Mar 06, 2022

Table of contents

30 Second Summary

  • Gliomas are tumors that form in glial cells, the supporting tissue of the brain.
  • It accounts for about 30% of all brain tumors.
  • It is classified as benign (low grade) and malignant (high grade).
  • Symptoms vary depending on the size, location and grade of the tumor.
  • Treatment includes surgery, radiation therapy and chemotherapy.

What is a glioma?

Glioma is a tumor that can occur in the brain and spinal cord of both adults and children. It is caused by the controlling protrusion of glial cells. Glial cells support the nerves, helping the central nervous system to function under normal conditions. Gliomas usually occur in the brain. However, there are cases where it is also seen in the vertebral marrow.

Some types of gliomas, which are malignant tumors, grow very slowly. Since they originate from brain tissue, they are primary brain tumors. Gliomas that do not usually spread outside the brain and spine can be life-threatening. Among the reasons why glioma is so effective; it is seen in hard-to-reach and hard-to-surgery areas and it grows towards other parts of the brain.

Glioma diagnostic criteria

To diagnose glioma, specialists first review the patient's symptoms and medical history. A complete physical and neurological examination is then required. MRI and CT scans are particularly useful in glioma diagnosis. If any abnormal mass is detected during these scans, a biopsy is performed. Among the reasons why a biopsy is performed are the following.

  • Whether the mass is cancerous
  • The tumor is not the result of an abnormal gene
  • Type of cell in the tumor
  • How aggressive the tumor is

Causes of glioma

Studies on glioma show that changes or mutations in DNA cause cells to proliferate out of control. These genetic mutations can be inherited from parents or they can appear suddenly during the course of life.

Glioma symptoms

Symptoms of glioma include the following.

  • Speech and communication problems
  • Changes in vision
  • Difficulty in learning, thinking and remembering
  • Difficulty walking
  • Difficulty maintaining balance
  • Dizziness
  • Headache
  • Weakness and numbness on one side of the body
  • Nausea
  • Vomiting
  • Personality changes
  • Behavior changes
  • Seizures

Glioma treatment methods

Glioma treatment methods include multiple options. Factors influencing the planning of treatment include the following.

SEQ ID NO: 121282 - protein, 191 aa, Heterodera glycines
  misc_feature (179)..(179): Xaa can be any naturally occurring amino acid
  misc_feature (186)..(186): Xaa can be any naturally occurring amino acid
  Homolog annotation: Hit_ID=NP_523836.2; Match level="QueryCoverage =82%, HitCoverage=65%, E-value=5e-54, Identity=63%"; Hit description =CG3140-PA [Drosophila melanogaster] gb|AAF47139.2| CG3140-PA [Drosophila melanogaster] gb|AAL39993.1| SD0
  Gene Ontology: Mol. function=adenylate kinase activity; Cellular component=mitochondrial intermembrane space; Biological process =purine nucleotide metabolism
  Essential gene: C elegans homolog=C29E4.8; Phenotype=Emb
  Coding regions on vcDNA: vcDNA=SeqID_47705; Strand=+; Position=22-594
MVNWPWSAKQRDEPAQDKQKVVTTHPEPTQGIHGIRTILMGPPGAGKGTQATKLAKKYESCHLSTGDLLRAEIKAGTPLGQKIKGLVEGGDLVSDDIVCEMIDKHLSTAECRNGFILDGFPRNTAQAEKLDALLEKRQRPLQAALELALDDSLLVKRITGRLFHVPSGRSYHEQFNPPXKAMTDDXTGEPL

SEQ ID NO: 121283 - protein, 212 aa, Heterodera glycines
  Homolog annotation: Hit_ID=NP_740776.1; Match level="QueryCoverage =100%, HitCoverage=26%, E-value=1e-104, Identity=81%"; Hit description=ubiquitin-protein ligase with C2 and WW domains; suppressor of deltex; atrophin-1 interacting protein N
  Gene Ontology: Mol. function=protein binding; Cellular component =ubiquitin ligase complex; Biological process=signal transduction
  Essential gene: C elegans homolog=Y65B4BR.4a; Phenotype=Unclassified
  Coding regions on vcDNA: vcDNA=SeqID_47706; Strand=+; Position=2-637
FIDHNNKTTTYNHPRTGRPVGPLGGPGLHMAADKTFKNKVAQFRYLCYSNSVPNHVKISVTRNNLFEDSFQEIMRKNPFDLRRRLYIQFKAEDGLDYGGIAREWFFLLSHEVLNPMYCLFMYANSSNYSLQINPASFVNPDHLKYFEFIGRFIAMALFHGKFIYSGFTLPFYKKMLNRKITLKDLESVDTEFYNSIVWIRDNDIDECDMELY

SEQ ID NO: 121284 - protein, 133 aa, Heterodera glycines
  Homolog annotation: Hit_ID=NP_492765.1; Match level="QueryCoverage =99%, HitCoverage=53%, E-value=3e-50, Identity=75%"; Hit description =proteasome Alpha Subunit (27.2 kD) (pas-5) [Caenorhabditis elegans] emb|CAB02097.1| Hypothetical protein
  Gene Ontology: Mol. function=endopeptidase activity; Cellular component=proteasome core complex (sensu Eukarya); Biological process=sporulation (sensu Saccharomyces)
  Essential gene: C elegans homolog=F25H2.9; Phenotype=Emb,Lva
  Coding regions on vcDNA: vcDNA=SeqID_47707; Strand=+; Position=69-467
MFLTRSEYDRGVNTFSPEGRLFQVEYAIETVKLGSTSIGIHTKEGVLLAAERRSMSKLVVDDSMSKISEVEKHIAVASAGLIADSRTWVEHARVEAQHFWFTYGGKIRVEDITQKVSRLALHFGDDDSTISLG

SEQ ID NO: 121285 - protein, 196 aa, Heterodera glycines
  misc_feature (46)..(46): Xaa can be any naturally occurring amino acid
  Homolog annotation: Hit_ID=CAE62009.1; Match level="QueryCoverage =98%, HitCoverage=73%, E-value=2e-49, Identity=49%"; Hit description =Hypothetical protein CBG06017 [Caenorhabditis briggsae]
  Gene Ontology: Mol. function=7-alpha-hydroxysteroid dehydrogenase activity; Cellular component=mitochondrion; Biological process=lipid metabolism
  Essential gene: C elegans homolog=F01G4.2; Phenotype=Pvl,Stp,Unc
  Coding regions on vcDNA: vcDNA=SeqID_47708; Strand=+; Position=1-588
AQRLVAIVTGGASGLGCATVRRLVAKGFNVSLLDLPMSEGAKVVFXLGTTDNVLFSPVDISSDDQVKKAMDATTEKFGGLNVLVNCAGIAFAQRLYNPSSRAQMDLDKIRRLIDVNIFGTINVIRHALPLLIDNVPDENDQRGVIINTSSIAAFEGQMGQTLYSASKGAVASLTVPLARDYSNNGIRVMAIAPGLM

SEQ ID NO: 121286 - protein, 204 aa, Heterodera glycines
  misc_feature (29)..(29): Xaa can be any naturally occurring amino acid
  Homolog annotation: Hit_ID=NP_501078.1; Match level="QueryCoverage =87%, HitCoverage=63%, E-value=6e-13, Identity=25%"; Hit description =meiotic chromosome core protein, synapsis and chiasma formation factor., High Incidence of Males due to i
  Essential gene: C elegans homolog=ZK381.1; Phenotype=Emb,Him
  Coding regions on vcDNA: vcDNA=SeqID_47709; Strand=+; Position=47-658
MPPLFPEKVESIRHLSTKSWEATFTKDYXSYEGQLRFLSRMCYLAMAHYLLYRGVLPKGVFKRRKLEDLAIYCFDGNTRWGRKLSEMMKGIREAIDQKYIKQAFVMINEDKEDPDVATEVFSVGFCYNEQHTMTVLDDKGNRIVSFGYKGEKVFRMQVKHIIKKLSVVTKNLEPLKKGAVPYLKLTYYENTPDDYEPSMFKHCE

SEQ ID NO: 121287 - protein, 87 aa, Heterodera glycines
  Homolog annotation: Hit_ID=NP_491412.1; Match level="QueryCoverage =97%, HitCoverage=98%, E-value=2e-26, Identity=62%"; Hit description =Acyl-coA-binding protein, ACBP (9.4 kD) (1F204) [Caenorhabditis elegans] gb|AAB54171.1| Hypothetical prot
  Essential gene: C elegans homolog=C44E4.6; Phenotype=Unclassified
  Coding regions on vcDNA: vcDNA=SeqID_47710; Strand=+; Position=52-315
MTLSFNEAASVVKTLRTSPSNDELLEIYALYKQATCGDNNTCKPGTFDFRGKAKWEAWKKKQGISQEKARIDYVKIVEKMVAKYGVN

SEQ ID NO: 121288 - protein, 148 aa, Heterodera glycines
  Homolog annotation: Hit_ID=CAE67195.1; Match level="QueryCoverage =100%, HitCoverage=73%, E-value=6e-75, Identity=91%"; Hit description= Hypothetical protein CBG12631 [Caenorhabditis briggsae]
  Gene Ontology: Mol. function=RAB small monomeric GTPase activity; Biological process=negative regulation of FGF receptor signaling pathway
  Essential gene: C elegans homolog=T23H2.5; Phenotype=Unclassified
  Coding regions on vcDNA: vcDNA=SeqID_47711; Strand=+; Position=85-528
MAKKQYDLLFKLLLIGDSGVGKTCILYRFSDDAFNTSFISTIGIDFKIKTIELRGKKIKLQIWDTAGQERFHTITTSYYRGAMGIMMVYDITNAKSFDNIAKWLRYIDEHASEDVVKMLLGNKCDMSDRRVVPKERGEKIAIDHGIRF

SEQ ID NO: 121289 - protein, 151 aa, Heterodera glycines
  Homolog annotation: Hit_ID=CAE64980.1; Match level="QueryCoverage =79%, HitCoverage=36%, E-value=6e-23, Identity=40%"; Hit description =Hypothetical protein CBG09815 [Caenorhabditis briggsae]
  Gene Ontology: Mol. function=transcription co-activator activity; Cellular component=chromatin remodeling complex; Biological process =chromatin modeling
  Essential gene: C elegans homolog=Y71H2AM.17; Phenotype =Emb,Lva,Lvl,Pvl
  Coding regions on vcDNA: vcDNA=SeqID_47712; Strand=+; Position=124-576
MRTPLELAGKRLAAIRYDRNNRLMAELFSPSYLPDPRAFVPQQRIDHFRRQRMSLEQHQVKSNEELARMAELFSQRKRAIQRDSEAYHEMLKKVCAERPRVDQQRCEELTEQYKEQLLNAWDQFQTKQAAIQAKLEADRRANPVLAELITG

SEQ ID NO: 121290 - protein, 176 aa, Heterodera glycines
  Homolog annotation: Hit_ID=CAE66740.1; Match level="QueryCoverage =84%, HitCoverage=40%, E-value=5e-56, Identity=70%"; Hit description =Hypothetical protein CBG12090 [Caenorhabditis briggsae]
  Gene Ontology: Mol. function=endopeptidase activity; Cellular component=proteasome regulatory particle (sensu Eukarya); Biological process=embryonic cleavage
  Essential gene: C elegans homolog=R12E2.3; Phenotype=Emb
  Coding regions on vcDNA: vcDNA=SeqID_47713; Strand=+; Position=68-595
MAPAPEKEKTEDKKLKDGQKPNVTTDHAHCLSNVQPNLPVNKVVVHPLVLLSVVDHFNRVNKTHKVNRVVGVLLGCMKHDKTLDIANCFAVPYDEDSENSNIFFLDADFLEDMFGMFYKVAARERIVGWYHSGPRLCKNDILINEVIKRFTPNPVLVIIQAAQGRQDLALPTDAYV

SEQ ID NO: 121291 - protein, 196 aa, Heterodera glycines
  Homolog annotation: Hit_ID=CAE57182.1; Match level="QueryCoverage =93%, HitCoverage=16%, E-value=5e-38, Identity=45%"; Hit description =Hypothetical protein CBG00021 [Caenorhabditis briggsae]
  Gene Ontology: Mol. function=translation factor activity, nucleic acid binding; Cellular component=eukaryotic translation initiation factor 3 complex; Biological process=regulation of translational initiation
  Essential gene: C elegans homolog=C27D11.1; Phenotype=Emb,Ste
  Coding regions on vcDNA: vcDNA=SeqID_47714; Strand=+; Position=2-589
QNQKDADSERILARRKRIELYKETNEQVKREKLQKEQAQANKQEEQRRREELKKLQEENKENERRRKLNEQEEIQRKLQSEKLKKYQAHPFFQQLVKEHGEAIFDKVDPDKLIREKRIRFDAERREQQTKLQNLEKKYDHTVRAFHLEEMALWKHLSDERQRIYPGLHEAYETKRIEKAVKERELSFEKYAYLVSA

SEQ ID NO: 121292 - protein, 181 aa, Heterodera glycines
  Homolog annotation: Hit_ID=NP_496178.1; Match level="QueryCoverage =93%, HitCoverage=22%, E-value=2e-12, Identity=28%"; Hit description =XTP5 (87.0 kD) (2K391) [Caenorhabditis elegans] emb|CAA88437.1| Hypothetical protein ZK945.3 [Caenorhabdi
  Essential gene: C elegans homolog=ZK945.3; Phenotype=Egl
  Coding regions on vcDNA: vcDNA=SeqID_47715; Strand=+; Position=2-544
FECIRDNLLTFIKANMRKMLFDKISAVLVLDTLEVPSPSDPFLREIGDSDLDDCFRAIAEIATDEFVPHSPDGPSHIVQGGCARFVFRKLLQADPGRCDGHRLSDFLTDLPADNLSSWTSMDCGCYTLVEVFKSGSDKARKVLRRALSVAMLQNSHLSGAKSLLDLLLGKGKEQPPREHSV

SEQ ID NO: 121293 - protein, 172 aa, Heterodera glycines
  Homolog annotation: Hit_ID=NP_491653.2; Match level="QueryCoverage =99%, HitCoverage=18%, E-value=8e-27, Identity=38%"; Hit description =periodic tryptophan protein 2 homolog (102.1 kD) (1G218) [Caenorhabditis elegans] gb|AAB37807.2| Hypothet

• General health status of the patient
  • Age of the patient
  • Location of the tumor
  • Type of tumor
  • Size of the tumor
  • Whether there has been treatment for brain cancer in the past

The main method of glioma treatment is surgical methods. Tumors, especially those that are easily accessible to the surgeon, are surgically removed. However, for tumors that are difficult to remove or close to sensitive areas, additional treatments such as radiotherapy and chemotherapy are necessary.

Chemotherapy treatment

Chemotherapy drugs used to destroy cancer cells are used in the treatment of glioma as well as many other types of cancer. Temozolomide is the most commonly used drug in oral or intravenous chemotherapy sessions. This medicine also increases the effectiveness of radiation therapy.

Radiotherapy treatment

Radiation therapy used in the treatment of glioma is applied using the strongest dose of radiation to destroy tumors. Radiation therapy, which is used especially in hard-to-reach places, can be determined as the primary treatment method or it can be used to shrink the tumor. In radiation therapy, the exact shape of the tumor is targeted and the risk of damage to surrounding tissues is minimized.

A type of radiation therapy called brachytherapy can also be applied. In this treatment, radiation sources are placed near the tumor. These sources then emit radiation without harming nearby healthy tissues.

Glioma surgery

During surgery, surgeons use special techniques such as imaging and brain mapping to guide the operation. Brain mapping shows which areas of the brain control which vital functions. With this information, the surgeon can remove the tumor without damaging healthy tissue.

Glioma treatment usually starts with surgery. If the entire tumor is removed with these surgeries, it remains the only surgical procedure. However, in some cases it is not possible to remove the entire tumor. The surgeon removes as much tumor as possible. This procedure is also called total resection. Total resection is needed especially if the tumor cannot be easily separated from the brain tissue. The reason for performing a total resection is that it causes a significant reduction in the patient's symptoms.

Methods of glioma surgery

Glioma surgeries can be performed with different techniques depending on the size and location of the tumor. Open brain surgery called craniotomy is the most common type of surgery used to remove gliomas.

If the size and location of the tumor allows, it is possible to remove the tumor with the ablation technique. Ablation is a minimally invasive surgical technique that uses heat from a laser to destroy part or all of the brain tumor.

Endoscopic head surgery

It is one of the minimally invasive brain surgeries that is gaining popularity in brain surgery. To remove a glioma in the frontal part of the brain, access is made through the nose into the skull. However, in order to perform this surgery successfully, the surgeon must be highly experienced in the field.

Intraoperative imaging and surgical navigation

Intraoperative imaging and surgical navigation are the latest and most technologically advanced methods used in glioma surgery in centers specializing in neurosurgery. This method allows neurosurgeons to guide their interventions in real time as they remove the tumor. This system, which provides better visualization of tumor spread with brain ultrasonography and MRI, also ensures more successful surgeries.

Intraoperative neuromonitoring